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Publication year1952
Publication title
acta pædiatrica
Resource typeJournals
PublisherBlackwell Publishing Ltd
Summary 1. The type clieracteristics of H. injluenzae were studied. The typing procedure for encapsuled strains was improved e.g. by employing slide cultures for capsule swelling tests. The serological cross‐reaction with encapsuled pneumococci, especially type 6, was confirmed. No hyaluronidase production could be demonstrated in H. influenxae (I). 2. The relations between encapsuled, converted rough, and primarily rough strains of H. influenzae were studied in trar:sformation experiments. By varying the experimental conditions and Watching carefully for all emerging variants, including non‐capsulated ones, which were subsequently tested in new experiments, it was possible to transfer capsule formation ability and type specificity to a number of strains isolated in the non‐capsulated state (II). No change of tho antigenic composition of the bacilli could be observed, by gel precipitation experiments, in transformed strains, except that the acquisition of a capsular antigen was demonstrated (V). 3. The susceptibility of Ei. influenzae to six commonly used chemotherapeutics was investigated. hureomycin, chloramphenicol, and terramycin were found most effective (III). 4. By the gel precipitation method, the presence in influenza bacilli of antigenic factors common to, or widely distributed within, the species was demonstrated (V). Unlike other tested bacteria, liaemopliilic organisms were easily dissolved by 1% sodium carbonate solution, which was used for the preparation of an extract rich in the widely distributed antigenic factors (IV). 5. The use of a sodium carbonate extract as the antigen of a complement fixation test (AHI) resulted in a reaction which, unlike tests used formerly for the recording of 11. influenzae immunity, was fairly independent of the type and capsulation of the immunizing strains (IV). 6. A convenient routine method for the determination of nritipneiimolysin (RPI) was noiked out. KO significant overlapping versus antistreptolysiii was noted (VI). 7. The transfer of APl, AS, AHI, and ASta from mother to foetus was studied. The transmission was more effective with regard to the antilysins than to the antibaeterial complement fixing antibodies to H. influenzae (IV, VI). 8. The content of AP1, AS, AHI, and ASta in infants and children of different ages was found to be rising with increasing age, though with different rates for the separate antibodies (IV, VI). 9. Maxillary sinusitis was found on one or more occasions during one winter season in 60 of apparently healthy children. Pnenrnococci and influenza bacilli were the prevailing pathogens, whereas staphylococci were comparatively rare. Haernolytic streptococci were never found. These obscrvations deviated from most previous investigations and could be ascribed to the adequate methods used for collecting and examining the antral discharges. The antibody titers in nasal carriers of the separate pathogens were higher than in non‐carriers but significantly increasod only when the pathogens were present in inflamed sinuses. The importance of the immunization exerted by sinus processes is stressed (VII). 10. In suppurative otitis, pneumococci were common in all ages up to seven years, while pyogenic staphylococci as primary pathogens were rare and largely restricted to infants and very small children. Influenza bacilli were frequent up to four years of age, and hacrnolytic streptococci increased their incidence with increasing age. This prevalence of different pathogens in the separate ages was paralleled by a corresponding difference in the evolution of the ability to produce antibodies to the same pathogens. The respiratory infection which generally preceded the otitis was found often to involve bacteria other than those found in the aural secretion. The El. influenzae otitis displayed a characteristic picture and tended towards recurrence. Further, the significance of age and of treatment for the occurrence of relapses was studied (VIII). 11. In the discussion, the pathogenicity of encapsuled influenza bacilli with regard to otitis is compared to that of non‐capsulated strains. The main antibody titer levels and the antibody responses to acute infections in diiferent ages are correlated to the variation according to age of the incidence of infections by the corresponding pathogens. The high antibody titers, and espccially the high A111 rates, observed in maxillary sinusitis are discussed. The antibody production is pointed out as one of the factors which influence the course of infections and, with regard to otitis, the incidence of relapses.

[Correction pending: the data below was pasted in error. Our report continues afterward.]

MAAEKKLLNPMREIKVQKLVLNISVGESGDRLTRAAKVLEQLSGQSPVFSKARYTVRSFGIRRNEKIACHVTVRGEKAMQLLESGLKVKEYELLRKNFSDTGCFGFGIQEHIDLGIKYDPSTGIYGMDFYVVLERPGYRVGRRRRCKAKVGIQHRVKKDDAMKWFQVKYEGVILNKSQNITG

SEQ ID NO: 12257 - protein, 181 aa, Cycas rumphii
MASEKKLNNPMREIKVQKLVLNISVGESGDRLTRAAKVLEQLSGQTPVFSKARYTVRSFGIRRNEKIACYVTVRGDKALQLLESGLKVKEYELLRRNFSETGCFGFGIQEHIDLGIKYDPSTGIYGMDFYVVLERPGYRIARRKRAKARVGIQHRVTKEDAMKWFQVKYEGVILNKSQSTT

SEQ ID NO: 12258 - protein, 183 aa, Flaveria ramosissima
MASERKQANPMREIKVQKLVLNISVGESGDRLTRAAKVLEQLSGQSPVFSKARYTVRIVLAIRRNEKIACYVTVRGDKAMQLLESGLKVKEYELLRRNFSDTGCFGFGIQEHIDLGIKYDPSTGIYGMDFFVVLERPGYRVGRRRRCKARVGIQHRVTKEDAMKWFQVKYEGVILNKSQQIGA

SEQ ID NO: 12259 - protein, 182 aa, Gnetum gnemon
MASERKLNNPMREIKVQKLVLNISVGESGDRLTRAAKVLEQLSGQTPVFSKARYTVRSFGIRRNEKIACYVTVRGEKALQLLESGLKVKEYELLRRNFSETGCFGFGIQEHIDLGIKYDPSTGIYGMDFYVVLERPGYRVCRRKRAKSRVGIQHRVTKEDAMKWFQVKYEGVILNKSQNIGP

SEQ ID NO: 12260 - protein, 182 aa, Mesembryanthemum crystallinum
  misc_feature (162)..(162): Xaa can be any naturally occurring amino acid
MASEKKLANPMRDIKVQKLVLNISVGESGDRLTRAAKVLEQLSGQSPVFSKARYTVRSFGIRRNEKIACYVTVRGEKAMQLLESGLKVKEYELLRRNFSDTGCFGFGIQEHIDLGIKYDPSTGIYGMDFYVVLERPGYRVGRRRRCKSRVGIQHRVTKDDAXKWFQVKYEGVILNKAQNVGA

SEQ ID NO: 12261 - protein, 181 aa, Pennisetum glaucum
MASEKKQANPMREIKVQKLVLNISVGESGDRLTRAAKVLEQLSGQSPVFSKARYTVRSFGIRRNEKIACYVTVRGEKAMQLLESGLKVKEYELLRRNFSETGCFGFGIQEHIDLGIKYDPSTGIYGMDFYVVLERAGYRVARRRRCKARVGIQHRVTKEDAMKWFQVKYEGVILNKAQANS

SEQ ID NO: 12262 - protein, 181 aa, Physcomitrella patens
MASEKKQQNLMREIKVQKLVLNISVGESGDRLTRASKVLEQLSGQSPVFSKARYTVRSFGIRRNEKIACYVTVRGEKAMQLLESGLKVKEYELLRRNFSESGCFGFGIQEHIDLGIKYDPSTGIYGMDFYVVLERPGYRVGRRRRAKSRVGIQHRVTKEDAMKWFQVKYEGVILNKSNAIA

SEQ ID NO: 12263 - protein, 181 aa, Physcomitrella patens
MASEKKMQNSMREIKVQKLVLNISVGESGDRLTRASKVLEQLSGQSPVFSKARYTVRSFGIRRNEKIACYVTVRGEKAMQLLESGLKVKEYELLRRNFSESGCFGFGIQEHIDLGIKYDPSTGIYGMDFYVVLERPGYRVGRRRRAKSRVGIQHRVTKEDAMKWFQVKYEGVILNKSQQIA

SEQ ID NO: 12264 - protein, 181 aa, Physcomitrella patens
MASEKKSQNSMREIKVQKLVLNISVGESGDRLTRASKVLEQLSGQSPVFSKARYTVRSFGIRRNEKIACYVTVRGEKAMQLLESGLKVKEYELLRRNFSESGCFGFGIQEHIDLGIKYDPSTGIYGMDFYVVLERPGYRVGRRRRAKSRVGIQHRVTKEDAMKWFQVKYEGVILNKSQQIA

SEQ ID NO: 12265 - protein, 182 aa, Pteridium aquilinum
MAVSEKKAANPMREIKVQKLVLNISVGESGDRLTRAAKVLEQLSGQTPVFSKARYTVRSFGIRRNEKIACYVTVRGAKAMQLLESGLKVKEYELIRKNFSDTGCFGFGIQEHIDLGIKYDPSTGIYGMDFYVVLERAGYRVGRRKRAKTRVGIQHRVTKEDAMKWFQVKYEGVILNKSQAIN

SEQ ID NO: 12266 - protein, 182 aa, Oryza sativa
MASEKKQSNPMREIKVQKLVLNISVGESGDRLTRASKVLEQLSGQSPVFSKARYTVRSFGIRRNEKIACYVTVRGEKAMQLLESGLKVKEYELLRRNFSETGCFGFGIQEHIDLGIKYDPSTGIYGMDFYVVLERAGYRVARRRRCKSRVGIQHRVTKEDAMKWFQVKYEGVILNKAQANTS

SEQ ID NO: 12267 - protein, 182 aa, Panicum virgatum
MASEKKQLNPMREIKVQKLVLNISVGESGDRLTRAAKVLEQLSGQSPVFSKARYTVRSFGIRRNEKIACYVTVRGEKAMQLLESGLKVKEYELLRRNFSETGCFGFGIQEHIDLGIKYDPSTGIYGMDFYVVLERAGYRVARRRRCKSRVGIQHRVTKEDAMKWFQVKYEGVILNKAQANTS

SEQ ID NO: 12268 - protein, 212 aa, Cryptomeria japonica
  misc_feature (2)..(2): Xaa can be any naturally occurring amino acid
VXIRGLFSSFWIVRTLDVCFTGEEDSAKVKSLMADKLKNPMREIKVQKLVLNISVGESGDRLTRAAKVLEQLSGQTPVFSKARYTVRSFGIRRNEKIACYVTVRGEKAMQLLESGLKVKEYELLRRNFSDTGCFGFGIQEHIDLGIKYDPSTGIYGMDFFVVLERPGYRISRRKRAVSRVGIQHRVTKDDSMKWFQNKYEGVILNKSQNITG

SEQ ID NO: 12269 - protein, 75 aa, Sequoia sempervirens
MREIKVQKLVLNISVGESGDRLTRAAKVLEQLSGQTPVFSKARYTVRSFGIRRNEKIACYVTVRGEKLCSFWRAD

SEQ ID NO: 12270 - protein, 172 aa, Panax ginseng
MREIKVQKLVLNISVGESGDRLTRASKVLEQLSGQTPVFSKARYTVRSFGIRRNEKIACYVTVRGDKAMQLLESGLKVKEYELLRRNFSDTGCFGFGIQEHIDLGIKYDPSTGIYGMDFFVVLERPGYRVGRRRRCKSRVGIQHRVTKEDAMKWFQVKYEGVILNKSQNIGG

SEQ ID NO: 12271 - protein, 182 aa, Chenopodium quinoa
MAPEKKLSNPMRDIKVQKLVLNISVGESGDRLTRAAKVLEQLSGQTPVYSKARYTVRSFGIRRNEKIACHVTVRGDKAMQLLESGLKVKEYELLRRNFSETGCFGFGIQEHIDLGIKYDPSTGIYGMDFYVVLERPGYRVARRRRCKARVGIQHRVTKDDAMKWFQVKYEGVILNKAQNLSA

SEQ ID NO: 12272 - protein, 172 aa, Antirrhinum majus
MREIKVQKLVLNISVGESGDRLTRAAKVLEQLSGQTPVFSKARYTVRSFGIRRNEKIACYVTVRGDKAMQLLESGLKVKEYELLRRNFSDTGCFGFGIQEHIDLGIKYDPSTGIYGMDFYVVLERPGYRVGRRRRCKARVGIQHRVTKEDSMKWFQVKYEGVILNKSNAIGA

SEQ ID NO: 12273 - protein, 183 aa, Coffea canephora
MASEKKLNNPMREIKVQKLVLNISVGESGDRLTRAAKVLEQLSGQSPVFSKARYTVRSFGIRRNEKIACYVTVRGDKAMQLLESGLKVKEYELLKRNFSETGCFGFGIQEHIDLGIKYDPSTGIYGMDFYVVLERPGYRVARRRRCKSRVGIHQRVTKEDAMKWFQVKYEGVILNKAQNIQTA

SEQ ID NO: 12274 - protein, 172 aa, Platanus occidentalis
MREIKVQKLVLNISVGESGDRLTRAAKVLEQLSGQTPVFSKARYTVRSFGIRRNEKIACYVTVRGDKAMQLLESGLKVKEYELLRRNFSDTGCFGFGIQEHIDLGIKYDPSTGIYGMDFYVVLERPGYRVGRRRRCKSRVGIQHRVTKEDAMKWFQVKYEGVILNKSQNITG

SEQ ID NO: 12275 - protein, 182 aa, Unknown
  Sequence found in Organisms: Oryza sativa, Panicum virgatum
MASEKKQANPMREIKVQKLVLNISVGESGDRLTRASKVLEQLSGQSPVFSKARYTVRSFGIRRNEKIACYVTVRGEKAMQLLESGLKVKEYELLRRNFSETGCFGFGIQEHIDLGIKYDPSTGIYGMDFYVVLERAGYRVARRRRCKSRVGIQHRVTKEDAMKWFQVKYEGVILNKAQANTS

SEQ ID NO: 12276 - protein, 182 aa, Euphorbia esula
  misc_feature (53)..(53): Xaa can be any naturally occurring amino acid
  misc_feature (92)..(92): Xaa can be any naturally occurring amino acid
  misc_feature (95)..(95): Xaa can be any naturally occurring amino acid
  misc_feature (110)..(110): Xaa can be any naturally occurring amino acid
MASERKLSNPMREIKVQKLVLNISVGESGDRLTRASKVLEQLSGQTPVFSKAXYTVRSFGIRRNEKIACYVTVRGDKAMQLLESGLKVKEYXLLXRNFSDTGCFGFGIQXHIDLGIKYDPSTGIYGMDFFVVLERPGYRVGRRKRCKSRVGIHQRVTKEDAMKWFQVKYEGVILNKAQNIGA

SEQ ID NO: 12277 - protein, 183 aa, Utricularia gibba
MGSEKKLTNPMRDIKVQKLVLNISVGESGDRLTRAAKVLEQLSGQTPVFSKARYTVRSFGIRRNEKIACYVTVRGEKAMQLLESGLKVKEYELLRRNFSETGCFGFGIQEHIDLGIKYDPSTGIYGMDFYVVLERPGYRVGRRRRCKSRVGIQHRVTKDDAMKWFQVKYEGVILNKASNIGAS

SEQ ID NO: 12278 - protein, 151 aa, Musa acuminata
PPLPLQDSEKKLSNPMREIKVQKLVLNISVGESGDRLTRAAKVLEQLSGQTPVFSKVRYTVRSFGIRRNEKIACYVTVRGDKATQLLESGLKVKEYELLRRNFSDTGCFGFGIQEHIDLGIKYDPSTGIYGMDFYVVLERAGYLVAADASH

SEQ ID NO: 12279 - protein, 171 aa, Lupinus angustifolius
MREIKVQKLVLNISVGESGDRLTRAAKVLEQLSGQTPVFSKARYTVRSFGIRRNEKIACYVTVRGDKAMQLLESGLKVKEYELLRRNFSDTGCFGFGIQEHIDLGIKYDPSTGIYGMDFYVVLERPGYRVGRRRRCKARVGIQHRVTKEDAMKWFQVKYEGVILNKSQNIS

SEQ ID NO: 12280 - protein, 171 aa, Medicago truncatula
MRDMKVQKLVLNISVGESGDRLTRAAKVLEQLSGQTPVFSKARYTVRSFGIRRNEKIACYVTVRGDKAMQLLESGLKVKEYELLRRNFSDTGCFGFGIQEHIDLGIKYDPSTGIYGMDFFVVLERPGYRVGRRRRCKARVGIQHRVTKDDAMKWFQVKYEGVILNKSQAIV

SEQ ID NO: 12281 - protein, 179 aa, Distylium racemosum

Subject(s)family medicine , medicine
SCImago Journal Rank0.772

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